One of my New Year’s resolutions was to update this blog at least once a week. Made it with about two hours to spare (Japan Standard Time) but I’ll take it.
Tonight’s two songs have squat in common.
Gershon Kingsley’s First Moog Quartet
Sounds Of Silence
Gershon Kingsley is a ubergod of electronic music, one of the very first people to attempt to make electronic music fit in a pop landscape. In 1966, alongside his collaborate Jacques Perry, released The In Sound From Way Out, probably the very first attempt at a mainstream electronic pop record. It’s a crazy record, and I recommend you buy it now.
In 1970 he formed The First Moog Quartet, and they released this album the same year. While his earlier output was very fun and upbeat, The First Moog Quartet’s album is much more experimental and bizarre. I suspect this was because it was limited to what the Moog could do in a live environment, which, to be honest, wasn’t much back then. This insane cover of the Simon & Garfunkel classic, for instance, is primarily an acappella number, with the Moog elements only really kicking in sporadically, albeit to great effect. The singing is pretty impressive though.
Tonight Is What It Means To Be Young (Single Edit)
The original version of this song is in the 1984 film Streets Of Fire, the greatest movie ever made.
That’s barely hyperbole to me. Streets Of Fire is a damn masterpiece of everything. Amazing music, spectacular direction and cinematography, a stellar script, insane acting, tremendous characters, unbelievable set design. Name something a movie needs to truly be an epic of epic proportions, Streets Of Fire has it. It’s the third greatest movie ever made about music (behind Purple Rain and Fish Story).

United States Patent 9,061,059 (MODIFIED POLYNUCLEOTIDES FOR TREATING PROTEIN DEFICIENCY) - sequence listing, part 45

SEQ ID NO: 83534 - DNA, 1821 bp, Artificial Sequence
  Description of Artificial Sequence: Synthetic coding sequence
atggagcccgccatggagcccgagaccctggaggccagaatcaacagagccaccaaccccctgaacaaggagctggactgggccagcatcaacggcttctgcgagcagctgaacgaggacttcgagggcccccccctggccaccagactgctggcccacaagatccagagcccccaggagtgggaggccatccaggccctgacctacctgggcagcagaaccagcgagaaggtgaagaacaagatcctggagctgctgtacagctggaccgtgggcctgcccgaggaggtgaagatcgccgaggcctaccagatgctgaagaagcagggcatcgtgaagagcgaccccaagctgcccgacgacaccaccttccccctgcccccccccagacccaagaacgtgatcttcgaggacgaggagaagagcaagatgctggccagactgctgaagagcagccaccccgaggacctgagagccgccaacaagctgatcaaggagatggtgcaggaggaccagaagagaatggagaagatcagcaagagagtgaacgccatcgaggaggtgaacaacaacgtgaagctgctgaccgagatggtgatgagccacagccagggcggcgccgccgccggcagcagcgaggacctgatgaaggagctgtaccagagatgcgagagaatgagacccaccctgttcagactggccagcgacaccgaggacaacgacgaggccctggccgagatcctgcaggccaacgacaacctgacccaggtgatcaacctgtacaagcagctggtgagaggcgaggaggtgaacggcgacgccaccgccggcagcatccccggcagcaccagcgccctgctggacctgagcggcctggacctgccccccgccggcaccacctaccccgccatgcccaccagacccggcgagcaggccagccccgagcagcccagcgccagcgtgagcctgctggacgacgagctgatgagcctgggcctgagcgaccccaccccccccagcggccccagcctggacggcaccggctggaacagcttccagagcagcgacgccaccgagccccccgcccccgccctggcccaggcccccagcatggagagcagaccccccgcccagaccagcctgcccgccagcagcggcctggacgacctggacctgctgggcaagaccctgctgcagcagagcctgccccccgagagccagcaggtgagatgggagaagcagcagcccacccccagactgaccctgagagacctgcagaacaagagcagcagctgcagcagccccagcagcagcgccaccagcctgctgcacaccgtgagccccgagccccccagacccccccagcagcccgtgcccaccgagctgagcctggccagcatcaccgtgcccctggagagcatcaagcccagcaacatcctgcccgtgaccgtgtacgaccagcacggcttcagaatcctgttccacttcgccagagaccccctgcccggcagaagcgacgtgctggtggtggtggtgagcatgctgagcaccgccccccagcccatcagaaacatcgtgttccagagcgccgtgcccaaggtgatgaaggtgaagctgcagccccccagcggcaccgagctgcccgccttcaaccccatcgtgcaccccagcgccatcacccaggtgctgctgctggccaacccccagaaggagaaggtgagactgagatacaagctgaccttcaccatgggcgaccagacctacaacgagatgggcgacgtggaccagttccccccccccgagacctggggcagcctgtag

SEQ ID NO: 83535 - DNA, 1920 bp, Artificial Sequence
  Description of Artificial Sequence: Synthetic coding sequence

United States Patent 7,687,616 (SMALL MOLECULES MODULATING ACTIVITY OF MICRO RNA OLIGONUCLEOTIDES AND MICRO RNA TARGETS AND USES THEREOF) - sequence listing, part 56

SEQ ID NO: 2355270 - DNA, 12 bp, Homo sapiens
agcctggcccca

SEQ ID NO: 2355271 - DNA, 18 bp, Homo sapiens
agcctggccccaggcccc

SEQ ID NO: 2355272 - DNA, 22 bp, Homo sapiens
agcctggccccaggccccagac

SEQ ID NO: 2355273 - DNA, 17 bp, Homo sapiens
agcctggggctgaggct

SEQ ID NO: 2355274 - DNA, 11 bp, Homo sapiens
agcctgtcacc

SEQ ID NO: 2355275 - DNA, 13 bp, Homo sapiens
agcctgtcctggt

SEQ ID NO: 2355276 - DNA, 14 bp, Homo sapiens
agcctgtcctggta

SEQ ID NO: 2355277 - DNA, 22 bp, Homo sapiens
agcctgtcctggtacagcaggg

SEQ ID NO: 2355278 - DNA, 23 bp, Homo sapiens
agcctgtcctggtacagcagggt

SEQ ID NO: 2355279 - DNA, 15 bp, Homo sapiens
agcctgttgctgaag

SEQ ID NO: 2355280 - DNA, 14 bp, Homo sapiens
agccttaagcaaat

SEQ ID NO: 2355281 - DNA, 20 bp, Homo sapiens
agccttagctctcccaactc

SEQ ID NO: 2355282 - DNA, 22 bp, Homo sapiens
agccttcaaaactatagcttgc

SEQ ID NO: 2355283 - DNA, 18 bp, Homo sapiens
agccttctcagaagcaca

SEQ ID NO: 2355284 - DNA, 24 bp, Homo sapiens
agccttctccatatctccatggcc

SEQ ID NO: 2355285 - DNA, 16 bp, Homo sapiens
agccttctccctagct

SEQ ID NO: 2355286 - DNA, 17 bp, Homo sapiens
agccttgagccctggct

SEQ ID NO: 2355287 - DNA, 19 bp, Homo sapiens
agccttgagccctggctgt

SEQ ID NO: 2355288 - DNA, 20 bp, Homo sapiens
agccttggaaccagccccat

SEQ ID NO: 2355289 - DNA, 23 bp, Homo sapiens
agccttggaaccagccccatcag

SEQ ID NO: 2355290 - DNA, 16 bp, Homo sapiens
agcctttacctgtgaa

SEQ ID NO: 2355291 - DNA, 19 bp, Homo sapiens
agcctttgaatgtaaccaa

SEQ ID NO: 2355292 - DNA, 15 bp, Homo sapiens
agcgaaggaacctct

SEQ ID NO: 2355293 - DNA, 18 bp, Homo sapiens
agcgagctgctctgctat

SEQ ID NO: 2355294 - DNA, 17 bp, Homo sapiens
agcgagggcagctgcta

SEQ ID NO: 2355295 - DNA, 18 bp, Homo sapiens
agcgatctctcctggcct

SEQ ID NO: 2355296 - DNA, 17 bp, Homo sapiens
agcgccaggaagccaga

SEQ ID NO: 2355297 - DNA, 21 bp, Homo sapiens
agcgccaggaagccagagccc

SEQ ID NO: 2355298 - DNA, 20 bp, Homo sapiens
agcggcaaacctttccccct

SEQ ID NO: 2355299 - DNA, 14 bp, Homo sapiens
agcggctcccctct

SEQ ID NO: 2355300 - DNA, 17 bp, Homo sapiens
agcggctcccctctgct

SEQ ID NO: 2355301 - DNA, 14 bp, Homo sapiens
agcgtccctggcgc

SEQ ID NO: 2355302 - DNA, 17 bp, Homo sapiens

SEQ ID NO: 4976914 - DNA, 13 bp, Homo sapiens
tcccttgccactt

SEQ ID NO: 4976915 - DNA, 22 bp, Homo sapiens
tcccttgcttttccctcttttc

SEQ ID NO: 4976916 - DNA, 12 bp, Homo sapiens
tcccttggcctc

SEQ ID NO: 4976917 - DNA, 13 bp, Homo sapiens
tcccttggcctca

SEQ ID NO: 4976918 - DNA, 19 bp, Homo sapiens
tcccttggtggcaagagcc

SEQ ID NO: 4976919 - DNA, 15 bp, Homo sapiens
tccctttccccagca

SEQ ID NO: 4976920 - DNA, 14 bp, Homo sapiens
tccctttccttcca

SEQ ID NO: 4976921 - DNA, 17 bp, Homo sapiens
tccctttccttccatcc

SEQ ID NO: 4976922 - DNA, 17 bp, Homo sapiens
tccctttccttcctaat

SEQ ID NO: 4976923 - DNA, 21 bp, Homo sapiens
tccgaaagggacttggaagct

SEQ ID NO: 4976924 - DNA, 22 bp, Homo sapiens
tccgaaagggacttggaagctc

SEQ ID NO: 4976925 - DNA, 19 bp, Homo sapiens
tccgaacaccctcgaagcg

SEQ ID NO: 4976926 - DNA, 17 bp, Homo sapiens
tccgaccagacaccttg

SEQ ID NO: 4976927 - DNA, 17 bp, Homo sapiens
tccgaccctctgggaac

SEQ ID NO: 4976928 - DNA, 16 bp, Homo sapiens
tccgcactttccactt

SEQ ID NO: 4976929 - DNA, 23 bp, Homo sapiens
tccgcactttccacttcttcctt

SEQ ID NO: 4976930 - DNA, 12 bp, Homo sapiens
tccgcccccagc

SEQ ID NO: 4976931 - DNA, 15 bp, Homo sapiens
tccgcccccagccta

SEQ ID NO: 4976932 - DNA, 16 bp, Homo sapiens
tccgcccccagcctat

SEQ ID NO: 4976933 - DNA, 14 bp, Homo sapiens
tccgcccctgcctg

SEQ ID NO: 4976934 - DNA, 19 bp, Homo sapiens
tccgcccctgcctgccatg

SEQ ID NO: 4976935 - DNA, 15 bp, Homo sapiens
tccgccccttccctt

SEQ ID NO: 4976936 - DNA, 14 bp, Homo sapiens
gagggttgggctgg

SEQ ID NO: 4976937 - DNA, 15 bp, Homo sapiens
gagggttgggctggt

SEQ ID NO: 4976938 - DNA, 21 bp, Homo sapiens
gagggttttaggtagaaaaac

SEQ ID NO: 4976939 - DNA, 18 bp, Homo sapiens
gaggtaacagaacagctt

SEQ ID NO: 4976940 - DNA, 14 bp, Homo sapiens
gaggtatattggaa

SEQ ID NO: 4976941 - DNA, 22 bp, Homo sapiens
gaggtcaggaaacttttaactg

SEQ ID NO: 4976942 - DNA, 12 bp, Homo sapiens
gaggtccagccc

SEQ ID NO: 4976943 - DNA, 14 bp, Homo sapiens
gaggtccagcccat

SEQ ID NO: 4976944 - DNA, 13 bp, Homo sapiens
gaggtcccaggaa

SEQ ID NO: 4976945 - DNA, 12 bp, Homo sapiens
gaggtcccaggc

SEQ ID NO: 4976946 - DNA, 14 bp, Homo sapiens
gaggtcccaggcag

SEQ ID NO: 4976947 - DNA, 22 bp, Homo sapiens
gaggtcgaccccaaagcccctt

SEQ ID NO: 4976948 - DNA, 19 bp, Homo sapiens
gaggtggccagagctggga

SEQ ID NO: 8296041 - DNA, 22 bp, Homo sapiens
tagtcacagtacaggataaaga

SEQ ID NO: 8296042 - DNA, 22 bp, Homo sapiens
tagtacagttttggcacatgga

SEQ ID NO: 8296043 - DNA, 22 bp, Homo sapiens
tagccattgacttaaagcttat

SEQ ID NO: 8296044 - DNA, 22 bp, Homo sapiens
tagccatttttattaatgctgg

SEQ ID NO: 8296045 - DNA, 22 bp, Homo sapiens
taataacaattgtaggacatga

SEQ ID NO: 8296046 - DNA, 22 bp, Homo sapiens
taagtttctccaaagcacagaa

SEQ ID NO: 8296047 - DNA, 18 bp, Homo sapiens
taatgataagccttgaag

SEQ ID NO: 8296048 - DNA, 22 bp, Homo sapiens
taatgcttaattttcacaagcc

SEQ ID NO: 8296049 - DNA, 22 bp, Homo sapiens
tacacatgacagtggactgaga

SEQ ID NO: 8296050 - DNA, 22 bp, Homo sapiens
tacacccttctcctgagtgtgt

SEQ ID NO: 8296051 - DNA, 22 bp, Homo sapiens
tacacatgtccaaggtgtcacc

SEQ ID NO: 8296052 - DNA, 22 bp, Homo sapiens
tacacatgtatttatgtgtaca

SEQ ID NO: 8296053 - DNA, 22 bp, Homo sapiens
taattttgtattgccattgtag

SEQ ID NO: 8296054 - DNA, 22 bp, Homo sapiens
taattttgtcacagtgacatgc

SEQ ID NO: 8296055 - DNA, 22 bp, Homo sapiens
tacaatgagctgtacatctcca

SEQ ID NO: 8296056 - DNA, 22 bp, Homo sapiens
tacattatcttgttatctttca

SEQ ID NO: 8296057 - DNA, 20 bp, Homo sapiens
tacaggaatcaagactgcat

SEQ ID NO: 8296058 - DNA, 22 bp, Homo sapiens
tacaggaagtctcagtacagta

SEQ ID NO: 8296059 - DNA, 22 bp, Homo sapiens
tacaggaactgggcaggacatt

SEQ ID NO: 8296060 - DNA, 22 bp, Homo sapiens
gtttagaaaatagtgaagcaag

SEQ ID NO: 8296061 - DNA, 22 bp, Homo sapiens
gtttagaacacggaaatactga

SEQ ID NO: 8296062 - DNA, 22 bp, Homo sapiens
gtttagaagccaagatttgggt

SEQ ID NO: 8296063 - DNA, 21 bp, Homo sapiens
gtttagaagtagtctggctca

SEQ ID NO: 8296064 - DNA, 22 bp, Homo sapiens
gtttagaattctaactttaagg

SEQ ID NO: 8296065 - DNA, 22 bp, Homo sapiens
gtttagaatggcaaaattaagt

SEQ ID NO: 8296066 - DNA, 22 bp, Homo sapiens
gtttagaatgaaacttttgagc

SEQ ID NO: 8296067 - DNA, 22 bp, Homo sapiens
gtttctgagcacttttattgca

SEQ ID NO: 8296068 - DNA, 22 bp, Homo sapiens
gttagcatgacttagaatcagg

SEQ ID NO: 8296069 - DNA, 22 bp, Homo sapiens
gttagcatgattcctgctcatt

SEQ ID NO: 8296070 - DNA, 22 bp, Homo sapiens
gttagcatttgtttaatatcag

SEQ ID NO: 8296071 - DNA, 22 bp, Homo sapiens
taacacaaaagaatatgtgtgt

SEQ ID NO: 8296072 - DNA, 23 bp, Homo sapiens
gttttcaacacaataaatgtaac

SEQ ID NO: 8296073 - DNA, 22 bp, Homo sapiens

So of course it was a huge bomb. Life is a dick like that sometimes.
This song, as well as a few other tracks on the soundtrack, were composed by Jim Steinman, the bombastic songwriter behind everything worth hearing by Meat Loaf, as well as “Total Eclipse Of The Heart” and “Holding Out For a Hero” by Bonnie Tyler.
The credited performers, Fire Inc., really aren’t a band, but a collection of studio musicians put together solely for the soundtrack. They include lead singer Laurie Sargent (who didn’t do much outside of this), Elton John’s guitarist Dave Johnstone, and the E Street Band’s very own Max Weinberg on drums.
It is the most epic shit ever. Seven minutes of heaven – a wondrous, almost religious blast of ecstasy. Like all Steinman songs, it is completely lacking in subtlety and grace, but that’s partly what makes it so damn fantastic. It’s the greatest love song – a song that captures the overwhelming feelings of love in all its elation and tragedy.
I kind of like it. Anyways, you can buy that seven minute version damn near everywhere. The soundtrack is still in print (because it’s fucking dope) and you can snag the track on iTunes and Amazon easily. If you already haven’t done that, go do that, because this version isn’t as good as the album cut. This is a single edit, a trimmed version made for radio play that could fit on a 7″ single.
As I said, it’s not as good as the original, but for fans of the tune (like myself) I think it’s interesting as a diversion and example of how songs can be slightly transformed in an attempt to make them “radio-friendly.”